June 20, 1972: Richard Nixon Makes The Tape The Cost Him Everything

2 mins read

On June 20, 1972, the most famous, or infamous, recording in White House history was created by President Richard Nixon and his chief of staff, H.R. Halderman in the Oval Office. 

At 2:30 in the morning a few days before,” The Washington Post recalls, “five men were arrested while attempting to plant electronic surveillance devices in the Democratic National Committee headquarters, in the Watergate office building in Washington. On June 19, the Washington Post published a story by Bob Woodward and Carl Bernstein revealing that one of the five men was James McCord, who was a security contractor with President Nixon’s Committee to Re-elect the President (CREEP).

The next day, President Nixon met with his Chief of Staff, H.R. Haldeman, at about 11:30 a.m.

By the Spring of 1973, the Watergate coverup had begun to unravel. Haldeman resigned on April 30, replaced as Chief of Staff by Alexander Haig. On May 17, a Senate Select Committee on Watergate began hearings. Chairman of the Committee was North Carolina Democrat Sam Ervin, a lawyer who had a long-established record as a defender of civil liberties. Senate Majority Leader Mike Mansfield chose Ervin to head the committee because his integrity was respected on both sides of the aisle. The ranking Republican was Howard Baker of Tennessee, who would become Senate Minority Leader in 1977, then Majority Leader in 1981-84 with the Reagan landslide, and eventually serve as President Reagan’s Chief of Staff in 1987-88. Ervin and Baker set the constructive tone for the Committee, which focused on serious investigation, rather than partisan attacks on either side.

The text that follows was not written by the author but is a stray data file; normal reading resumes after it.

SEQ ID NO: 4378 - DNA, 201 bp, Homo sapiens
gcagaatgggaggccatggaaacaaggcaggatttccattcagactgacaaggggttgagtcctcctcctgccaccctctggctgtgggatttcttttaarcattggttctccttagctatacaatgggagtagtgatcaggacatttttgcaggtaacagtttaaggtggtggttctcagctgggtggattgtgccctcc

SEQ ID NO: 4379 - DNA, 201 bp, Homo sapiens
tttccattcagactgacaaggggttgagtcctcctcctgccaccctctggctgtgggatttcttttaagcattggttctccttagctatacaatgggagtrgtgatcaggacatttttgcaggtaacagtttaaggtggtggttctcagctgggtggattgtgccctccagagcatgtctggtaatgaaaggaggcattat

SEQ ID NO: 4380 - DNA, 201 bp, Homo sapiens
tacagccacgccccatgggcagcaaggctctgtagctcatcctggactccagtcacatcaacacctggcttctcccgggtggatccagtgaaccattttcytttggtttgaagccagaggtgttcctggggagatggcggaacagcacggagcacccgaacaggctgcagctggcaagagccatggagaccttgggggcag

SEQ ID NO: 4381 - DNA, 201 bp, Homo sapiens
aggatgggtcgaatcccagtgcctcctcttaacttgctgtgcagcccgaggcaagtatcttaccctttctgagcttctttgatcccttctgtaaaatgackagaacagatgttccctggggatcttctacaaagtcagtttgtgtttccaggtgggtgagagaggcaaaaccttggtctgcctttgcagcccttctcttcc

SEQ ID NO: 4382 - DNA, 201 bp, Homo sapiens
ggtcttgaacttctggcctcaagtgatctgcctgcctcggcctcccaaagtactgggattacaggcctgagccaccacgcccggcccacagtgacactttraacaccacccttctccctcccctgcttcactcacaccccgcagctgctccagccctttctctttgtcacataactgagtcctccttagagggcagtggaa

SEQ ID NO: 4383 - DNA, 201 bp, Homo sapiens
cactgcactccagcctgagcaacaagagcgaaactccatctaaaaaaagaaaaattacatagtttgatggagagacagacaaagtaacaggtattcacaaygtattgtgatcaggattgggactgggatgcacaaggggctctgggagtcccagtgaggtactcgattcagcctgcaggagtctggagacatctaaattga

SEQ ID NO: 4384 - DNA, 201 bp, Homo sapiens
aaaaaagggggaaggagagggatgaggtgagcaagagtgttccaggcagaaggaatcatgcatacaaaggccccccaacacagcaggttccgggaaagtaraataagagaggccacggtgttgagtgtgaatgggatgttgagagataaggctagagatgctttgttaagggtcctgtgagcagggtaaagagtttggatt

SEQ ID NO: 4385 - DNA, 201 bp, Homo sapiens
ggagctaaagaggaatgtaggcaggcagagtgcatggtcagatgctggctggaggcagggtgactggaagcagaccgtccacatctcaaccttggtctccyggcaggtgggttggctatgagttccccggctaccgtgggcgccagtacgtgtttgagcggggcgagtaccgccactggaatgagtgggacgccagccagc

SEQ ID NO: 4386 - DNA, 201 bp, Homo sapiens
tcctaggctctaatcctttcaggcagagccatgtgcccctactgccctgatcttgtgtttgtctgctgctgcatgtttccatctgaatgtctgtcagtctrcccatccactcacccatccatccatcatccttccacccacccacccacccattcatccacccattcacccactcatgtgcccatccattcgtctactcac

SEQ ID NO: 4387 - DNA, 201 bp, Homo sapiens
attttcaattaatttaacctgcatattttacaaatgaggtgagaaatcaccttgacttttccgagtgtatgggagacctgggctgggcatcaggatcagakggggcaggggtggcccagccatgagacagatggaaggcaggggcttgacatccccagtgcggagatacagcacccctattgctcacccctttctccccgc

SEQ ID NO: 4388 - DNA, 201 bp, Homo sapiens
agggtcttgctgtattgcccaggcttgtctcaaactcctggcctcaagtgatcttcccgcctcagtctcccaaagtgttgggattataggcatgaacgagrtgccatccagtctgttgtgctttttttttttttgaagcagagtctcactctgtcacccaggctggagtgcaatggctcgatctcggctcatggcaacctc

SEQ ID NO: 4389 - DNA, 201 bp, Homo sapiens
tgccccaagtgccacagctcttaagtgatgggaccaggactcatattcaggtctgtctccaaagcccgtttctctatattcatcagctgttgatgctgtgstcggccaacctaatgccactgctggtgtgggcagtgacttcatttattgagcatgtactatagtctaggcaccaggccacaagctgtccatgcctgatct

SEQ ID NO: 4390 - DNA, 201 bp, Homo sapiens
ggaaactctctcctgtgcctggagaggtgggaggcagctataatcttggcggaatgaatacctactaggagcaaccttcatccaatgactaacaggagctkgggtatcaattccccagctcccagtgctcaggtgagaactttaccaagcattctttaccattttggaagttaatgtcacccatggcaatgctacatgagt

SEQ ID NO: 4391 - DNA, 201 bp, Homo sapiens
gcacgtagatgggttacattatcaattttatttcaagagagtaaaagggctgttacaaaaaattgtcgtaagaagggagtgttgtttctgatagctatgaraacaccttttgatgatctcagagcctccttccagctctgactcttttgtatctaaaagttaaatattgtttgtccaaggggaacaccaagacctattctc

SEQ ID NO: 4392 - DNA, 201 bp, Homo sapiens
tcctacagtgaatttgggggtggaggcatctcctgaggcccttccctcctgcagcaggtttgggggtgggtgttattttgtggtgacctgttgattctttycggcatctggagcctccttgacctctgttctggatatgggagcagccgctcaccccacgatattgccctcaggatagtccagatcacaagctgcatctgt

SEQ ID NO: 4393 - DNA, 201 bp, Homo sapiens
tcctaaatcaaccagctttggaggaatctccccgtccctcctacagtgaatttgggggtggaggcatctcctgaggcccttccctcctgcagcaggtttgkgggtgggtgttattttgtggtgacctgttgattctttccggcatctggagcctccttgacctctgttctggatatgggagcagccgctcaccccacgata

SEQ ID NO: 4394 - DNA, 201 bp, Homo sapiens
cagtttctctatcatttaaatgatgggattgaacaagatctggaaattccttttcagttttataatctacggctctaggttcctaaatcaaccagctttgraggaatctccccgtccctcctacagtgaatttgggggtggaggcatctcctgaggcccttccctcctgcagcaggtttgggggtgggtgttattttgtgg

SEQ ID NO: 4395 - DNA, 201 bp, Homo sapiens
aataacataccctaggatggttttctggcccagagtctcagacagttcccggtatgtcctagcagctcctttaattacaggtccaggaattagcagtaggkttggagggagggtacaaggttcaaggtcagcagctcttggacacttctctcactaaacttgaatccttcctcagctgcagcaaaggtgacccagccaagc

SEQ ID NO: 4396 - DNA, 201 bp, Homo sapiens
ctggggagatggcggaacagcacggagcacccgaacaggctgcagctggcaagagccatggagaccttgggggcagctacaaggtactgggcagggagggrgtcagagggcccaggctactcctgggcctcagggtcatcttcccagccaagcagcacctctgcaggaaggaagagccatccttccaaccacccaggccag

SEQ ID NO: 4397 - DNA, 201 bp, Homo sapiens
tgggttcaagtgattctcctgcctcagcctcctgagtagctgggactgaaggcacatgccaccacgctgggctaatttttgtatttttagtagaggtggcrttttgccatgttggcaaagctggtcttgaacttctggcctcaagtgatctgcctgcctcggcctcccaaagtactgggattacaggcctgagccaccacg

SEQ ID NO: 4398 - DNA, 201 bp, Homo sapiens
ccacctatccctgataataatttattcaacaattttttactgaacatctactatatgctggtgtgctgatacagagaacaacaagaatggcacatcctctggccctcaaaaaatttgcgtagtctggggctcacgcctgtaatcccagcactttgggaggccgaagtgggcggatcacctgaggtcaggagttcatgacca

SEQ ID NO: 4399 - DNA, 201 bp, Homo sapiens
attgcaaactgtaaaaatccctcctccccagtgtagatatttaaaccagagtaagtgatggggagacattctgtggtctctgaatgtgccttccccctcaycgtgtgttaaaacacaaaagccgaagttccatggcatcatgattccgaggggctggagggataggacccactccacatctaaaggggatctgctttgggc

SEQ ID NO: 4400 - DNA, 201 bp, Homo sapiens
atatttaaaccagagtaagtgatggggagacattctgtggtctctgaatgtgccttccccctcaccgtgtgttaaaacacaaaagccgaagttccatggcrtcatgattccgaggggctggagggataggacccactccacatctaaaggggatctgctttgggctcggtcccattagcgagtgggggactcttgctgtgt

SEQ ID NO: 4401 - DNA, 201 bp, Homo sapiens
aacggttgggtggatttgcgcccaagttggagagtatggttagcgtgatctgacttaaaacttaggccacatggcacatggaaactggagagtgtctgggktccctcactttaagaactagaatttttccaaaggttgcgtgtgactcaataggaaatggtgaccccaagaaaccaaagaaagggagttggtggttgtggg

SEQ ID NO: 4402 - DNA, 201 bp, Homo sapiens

President Nixon had been using a voice-activated tape recording system for all Oval Office conversations, White House aide Alexander Butterfield revealed to the Senate on July 16, 1973. Presidents since Truman had recorded some conversations, but Nixon’s recording of everything was unique. Two days after Butterfield’s revelation, the taping system was dismantled, and the tapes put under Haig’s custody.”

When Congress asked for the tapes from June 20, believing they had found the smoking gun tying the presidnet to the Watergate Break-in, they were shocked to learn that just over 18 minutes were missing from that day. The revelation caused an uproar, but the president refused to hand them over, citing executive privilege. He instead offered written transcripts and an explanation for what was missing. 

According to President Nixon’s secretary Rose Mary Woods, “on September 29, 1973, she was reviewing a tape of the June 20, 1972 recordings, when she made “a terrible mistake” during transcription. While playing the tape on a Uher 5000, she answered a phone call. Reaching for the Uher 5000 stop button, she said that she mistakenly hit the button next to it, the record button. For the duration of the phone call, about five minutes, she kept her foot on the device’s pedal, causing a five-minute portion of the tape to be rerecorded. When she listened to the tape, the gap had grown to 18+1⁄2 minutes. She later insisted that she was not responsible for the remaining 13 minutes of buzz,” explains one outlet.

“The contents missing from the recording remain unknown, though the gap occurs during a conversation between Nixon and H. R. Haldeman three days after the Watergate break-in,” writes The History Channel. “Nixon claimed not to know the topics discussed during the gap. Haldeman’s notes from the meeting show that among the topics of discussion were the arrests at the Watergate Hotel. White House lawyers first heard of the gap on the evening of November 14, 1973, and Judge Sirica, who had issued the subpoenas for the tapes, was not told until November 21, after the president’s attorneys had decided that there was “no innocent explanation” they could offer.

Woods was asked to demonstrate the position in which she was sitting when the accident occurred. Seated at a desk, she reached far back over her left shoulder for a telephone as her foot applied pressure to the pedal controlling the transcription machine. Her posture during the demonstration, dubbed the ‘Rose Mary Stretch’, caused many political commentators to question the validity of the explanation.”

The investigation into the missing tapes would last another ten months. 

By July 30, 1974, the White House ran out of ways out and the presidency was doomed. “Under coercion from the Supreme Court, Nixon finally released the Watergate tapes. On August 5, transcripts of the recordings were released, including a segment in which the president was heard instructing Haldeman to order the FBI to halt the Watergate investigation. Three days later, Nixon announced his resignation.”


Leave a Reply

Your email address will not be published.